Effect of Low-Normal vs High-Normal Oxygenation Targets on Organ Dysfunction in Critically Ill Patients [5] 

This RCT of 400 SIRS-positive ICU patients randomized patients to either a low-normal (8 to 12 kPa, n = 205) or high-normal (14 to 18 kPa, n=195) oxygenation range, where an FiO2 of 0.60 was applied only if clinically necessary. The study found no significant difference in the reduction of organ dysfunction or duration of mechanical ventilation between both groups.

Systemwide Advance Care Planning During the Covid-19 Pandemic: The Impact on Patient Outcomes and Cost [6]

WellSpan Health’s integrated system of 170 outpatient clinics and 8 hospitals adopted a system-wide, team-based advance care planning (ACP) system during the pandemic response. Even adjusting for ‘LACE’ factors (LACE – Length of stay, Acuity, Comorbidities, and Emergency department visits in the preceding 6 months), consistent systemwide promotion and facilitation of ACP prior to hospitalization led to a reduction in undesired interventions (16% reduction in ICU utilization) and 25% less medical spending. 

Trastuzumab for early-stage, HER2-positive breast cancer: a meta-analysis of 13 864 women in seven randomised trials [7] 

While trastuzumab (Herceptin) targets the extracellular domain in HER2-positive breast cancer, it is associated with cardiac toxicity (also called “Heart-ceptin” in board exam fodder), and is also expensive, making it necessary to re-evaluate its efficacy. A meta-analysis of seven randomized trials totalling 864 patients enrolled between 2000 and 2005 found that the addition of trastuzumab to chemotherapy in early-stage, HER2-positive breast cancer is associated with decreased recurrence and mortality by a third regardless of tumor or patient attributes. Thus, while trastuzumab does carry a risk of cardiotoxicity and is expensive, its utilization remains a cornerstone of effective therapy in HER-2 positive breast cancer therapy.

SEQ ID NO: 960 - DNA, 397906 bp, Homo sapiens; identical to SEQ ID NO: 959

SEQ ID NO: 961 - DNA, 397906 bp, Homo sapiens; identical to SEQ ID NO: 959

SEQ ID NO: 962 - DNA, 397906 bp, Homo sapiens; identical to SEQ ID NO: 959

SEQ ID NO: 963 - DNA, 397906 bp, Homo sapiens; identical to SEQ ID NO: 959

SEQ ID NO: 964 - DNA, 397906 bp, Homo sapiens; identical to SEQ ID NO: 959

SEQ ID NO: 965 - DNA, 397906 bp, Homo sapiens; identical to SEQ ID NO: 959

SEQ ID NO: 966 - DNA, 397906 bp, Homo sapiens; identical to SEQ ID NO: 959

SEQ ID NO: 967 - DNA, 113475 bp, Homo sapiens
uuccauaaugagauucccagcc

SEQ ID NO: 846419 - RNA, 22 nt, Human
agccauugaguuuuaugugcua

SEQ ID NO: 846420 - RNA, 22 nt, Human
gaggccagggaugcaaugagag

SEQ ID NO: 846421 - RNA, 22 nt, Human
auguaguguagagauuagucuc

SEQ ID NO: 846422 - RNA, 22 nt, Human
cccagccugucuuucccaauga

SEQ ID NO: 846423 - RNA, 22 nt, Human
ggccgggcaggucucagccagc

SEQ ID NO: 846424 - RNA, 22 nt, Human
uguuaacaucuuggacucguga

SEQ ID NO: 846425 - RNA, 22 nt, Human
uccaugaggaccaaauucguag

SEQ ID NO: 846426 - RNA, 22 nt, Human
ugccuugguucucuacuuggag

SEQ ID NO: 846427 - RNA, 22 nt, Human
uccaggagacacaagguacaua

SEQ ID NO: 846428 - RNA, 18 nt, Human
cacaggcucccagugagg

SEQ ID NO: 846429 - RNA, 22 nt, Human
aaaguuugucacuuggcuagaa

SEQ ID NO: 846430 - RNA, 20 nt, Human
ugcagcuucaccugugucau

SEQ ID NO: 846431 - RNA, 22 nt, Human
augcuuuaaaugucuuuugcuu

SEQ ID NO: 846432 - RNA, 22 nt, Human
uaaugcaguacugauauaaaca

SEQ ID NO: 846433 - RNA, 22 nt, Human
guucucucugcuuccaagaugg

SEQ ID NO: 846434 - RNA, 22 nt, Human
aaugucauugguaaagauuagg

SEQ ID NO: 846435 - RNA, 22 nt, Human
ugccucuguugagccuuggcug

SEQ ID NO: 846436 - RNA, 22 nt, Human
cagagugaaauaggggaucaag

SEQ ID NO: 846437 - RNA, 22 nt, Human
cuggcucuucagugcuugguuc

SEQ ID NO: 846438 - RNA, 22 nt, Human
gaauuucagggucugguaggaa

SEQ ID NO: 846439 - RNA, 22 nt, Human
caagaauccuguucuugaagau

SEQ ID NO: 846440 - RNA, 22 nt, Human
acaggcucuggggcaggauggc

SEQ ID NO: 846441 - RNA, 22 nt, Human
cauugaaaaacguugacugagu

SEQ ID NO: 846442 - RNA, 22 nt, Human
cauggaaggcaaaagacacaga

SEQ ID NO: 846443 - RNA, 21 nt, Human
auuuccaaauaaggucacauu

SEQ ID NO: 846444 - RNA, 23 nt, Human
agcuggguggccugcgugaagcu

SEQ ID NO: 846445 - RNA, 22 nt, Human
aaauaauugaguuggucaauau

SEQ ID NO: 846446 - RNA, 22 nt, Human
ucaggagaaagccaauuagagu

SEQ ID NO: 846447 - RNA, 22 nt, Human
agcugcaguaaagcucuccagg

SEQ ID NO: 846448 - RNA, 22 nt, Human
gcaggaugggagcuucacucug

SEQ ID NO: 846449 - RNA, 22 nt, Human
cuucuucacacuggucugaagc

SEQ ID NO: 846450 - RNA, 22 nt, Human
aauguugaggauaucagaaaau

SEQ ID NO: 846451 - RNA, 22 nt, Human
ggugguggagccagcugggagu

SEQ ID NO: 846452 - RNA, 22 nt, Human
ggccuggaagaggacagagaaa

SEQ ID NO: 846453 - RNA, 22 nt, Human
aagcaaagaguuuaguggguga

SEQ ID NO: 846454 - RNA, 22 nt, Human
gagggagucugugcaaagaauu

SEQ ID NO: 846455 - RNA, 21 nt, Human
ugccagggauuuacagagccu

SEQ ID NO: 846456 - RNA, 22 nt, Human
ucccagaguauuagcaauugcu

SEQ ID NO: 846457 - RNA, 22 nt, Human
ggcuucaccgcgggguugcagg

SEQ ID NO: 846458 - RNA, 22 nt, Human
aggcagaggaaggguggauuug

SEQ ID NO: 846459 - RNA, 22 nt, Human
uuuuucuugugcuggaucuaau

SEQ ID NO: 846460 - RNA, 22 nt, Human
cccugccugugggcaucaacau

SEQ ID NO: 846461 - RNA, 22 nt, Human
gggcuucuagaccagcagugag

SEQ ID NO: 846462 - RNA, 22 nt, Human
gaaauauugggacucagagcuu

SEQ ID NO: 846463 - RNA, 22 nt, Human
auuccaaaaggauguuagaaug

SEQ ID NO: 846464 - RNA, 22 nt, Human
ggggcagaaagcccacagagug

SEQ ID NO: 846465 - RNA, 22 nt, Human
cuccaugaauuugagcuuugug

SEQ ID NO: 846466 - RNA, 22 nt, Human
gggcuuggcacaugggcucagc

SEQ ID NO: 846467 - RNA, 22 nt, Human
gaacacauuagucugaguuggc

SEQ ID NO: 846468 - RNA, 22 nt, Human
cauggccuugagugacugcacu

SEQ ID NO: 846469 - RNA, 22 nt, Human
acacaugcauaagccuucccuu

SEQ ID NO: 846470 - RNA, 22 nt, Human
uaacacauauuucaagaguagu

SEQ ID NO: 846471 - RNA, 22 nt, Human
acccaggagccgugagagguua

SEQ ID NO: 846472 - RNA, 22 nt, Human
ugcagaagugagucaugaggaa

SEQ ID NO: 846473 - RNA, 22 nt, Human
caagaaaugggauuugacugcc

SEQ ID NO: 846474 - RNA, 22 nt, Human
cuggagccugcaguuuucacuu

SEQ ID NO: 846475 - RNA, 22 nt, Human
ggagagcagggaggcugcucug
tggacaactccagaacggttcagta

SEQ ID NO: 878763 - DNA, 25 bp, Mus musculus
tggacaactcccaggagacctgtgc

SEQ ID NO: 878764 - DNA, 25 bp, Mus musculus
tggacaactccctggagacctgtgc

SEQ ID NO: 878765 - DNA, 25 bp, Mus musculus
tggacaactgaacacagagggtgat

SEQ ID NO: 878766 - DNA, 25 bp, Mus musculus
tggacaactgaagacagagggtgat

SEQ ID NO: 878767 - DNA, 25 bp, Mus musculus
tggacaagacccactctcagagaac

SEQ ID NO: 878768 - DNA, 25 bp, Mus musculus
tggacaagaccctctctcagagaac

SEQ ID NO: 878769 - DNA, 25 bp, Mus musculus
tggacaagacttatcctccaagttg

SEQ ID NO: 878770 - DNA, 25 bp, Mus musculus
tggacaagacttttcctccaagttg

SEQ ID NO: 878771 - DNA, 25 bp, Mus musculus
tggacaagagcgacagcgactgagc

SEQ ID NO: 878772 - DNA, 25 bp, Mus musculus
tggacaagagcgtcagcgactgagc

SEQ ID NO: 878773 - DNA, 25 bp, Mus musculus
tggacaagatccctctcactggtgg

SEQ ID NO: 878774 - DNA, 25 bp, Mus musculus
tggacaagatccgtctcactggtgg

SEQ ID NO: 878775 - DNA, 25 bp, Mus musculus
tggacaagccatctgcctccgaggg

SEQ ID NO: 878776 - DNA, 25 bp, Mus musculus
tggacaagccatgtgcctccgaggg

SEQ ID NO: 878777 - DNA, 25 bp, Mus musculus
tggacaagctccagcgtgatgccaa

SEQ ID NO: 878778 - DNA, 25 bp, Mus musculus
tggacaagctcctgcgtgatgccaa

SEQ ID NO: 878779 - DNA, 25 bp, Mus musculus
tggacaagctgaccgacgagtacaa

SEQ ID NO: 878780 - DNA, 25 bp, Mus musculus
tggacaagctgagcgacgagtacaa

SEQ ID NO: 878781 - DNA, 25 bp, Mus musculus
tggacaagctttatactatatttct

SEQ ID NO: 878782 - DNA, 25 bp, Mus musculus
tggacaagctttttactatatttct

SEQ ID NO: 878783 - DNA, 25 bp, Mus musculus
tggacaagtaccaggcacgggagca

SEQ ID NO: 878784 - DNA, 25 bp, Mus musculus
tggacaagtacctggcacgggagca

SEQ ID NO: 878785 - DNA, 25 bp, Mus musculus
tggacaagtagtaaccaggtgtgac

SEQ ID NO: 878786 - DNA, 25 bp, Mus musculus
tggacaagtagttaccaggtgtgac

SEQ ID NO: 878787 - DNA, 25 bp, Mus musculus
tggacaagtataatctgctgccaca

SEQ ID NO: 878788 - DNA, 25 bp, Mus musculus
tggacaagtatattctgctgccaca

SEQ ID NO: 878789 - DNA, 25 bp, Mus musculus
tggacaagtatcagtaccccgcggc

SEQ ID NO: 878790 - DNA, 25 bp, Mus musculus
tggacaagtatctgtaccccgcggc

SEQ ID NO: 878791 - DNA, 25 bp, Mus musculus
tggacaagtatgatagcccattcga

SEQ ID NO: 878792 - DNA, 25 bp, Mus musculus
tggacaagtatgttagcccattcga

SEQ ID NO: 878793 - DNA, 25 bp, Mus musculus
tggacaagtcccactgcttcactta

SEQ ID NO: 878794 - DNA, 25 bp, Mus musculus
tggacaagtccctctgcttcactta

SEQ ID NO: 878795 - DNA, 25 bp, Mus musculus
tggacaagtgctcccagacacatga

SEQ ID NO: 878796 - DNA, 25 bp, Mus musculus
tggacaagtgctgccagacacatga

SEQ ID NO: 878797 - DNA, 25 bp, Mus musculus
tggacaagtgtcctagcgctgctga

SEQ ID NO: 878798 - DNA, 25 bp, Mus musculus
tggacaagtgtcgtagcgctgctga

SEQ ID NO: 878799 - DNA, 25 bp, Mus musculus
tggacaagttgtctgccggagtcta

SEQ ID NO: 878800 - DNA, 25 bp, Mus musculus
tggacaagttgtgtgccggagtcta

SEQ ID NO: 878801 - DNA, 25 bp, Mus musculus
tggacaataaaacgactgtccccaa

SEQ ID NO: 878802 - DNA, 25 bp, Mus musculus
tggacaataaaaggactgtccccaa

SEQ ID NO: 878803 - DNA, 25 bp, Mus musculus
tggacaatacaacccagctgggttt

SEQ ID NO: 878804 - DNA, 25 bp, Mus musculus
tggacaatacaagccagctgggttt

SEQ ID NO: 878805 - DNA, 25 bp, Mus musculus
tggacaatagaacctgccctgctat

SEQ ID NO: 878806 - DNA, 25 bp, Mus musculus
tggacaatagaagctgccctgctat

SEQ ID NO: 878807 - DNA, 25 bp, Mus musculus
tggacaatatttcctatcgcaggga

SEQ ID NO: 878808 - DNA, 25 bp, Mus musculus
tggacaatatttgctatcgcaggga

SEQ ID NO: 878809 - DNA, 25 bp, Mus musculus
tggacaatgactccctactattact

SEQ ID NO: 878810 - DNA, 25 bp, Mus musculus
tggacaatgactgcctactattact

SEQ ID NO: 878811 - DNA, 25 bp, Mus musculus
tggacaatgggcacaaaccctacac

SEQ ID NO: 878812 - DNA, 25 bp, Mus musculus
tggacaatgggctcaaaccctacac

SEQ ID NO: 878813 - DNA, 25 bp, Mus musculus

Dr. Waqas Haque is an intern in the Internal Medicine residency at NYU Langone Health. 

Peer reviewed by Dr. Alexandria Imperato, chief resident at NYU Langone Health. 

Image courtesy of Wikimedia Commons, source: U.S. Space Force photo by Tech. Sgt. James Hodgman, 
[[File:Inspiration4 Launch (210915-X-YM354-1013).jpg|Inspiration4_Launch_(210915-X-YM354-1013)]]


[1] Bradbury CA, Pell J, Hill Q, Bagot C, Cooper N, Ingram J, Breheny K, Kandiyali R, Rayment R, Evans G, Talks K, Thomas I, Greenwood R. Mycophenolate Mofetil for First-Line Treatment of Immune Thrombocytopenia. N Engl J Med. 2021 Sep 2;385(10):885-895. doi: 10.1056/NEJMoa2100596. PMID: 34469646.

[2] Eklund M, Jäderling F, Discacciati A, Bergman M, Annerstedt M, Aly M, Glaessgen A, Carlsson S, Grönberg H, Nordström T; STHLM3 consortium. MRI-Targeted or Standard Biopsy in Prostate Cancer Screening. N Engl J Med. 2021 Sep 2;385(10):908-920. doi: 10.1056/NEJMoa2100852. Epub 2021 Jul 9. PMID: 34237810.

[3] Kollias A, Kyriakoulis KG, Kyriakoulis IG, Nitsotolis T, Poulakou G, Stergiou GS, Syrigos K. Statin use and mortality in COVID-19 patients: Updated systematic review and meta-analysis. Atherosclerosis. 2021 Aug;330:114-121. doi: 10.1016/j.atherosclerosis.2021.06.911. Epub 2021 Jun 25. PMID: 34243953; PMCID: PMC8233054.

[4] Davignon J. Beneficial cardiovascular pleiotropic effects of statins. Circulation. 2004 Jun 15;109(23 Suppl 1):III39-43. doi: 10.1161/01.CIR.0000131517.20177.5a. PMID: 15198965.

[5] Gelissen H, de Grooth HJ, Smulders Y, Wils EJ, de Ruijter W, Vink R, Smit B, Röttgering J, Atmowihardjo L, Girbes A, Elbers P, Tuinman PR, Oudemans-van Straaten H, de Man A. Effect of Low-Normal vs High-Normal Oxygenation Targets on Organ Dysfunction in Critically Ill Patients: A Randomized Clinical Trial. JAMA. 2021 Aug 31. doi: 10.1001/jama.2021.13011. Epub ahead of print. PMID: 34463696.

[6] Bhatia V, Geidner R, Mirchandani K, Huang Y, Warraich HJ. Systemwide Advance Care Planning During the Covid-19 Pandemic: The Impact on Patient Outcomes and Cost. NEJM Catalyst Innovations in Care Delivery 2021; 09. doi: 

[7] Early Breast Cancer Trialists’ Collaborative group (EBCTCG). Trastuzumab for early-stage, HER2-positive breast cancer: a meta-analysis of 13 864 women in seven randomised trials. Lancet Oncol. 2021 Aug;22(8):1139-1150. doi: 10.1016/S1470-2045(21)00288-6. PMID: 34339645; PMCID: PMC8324484.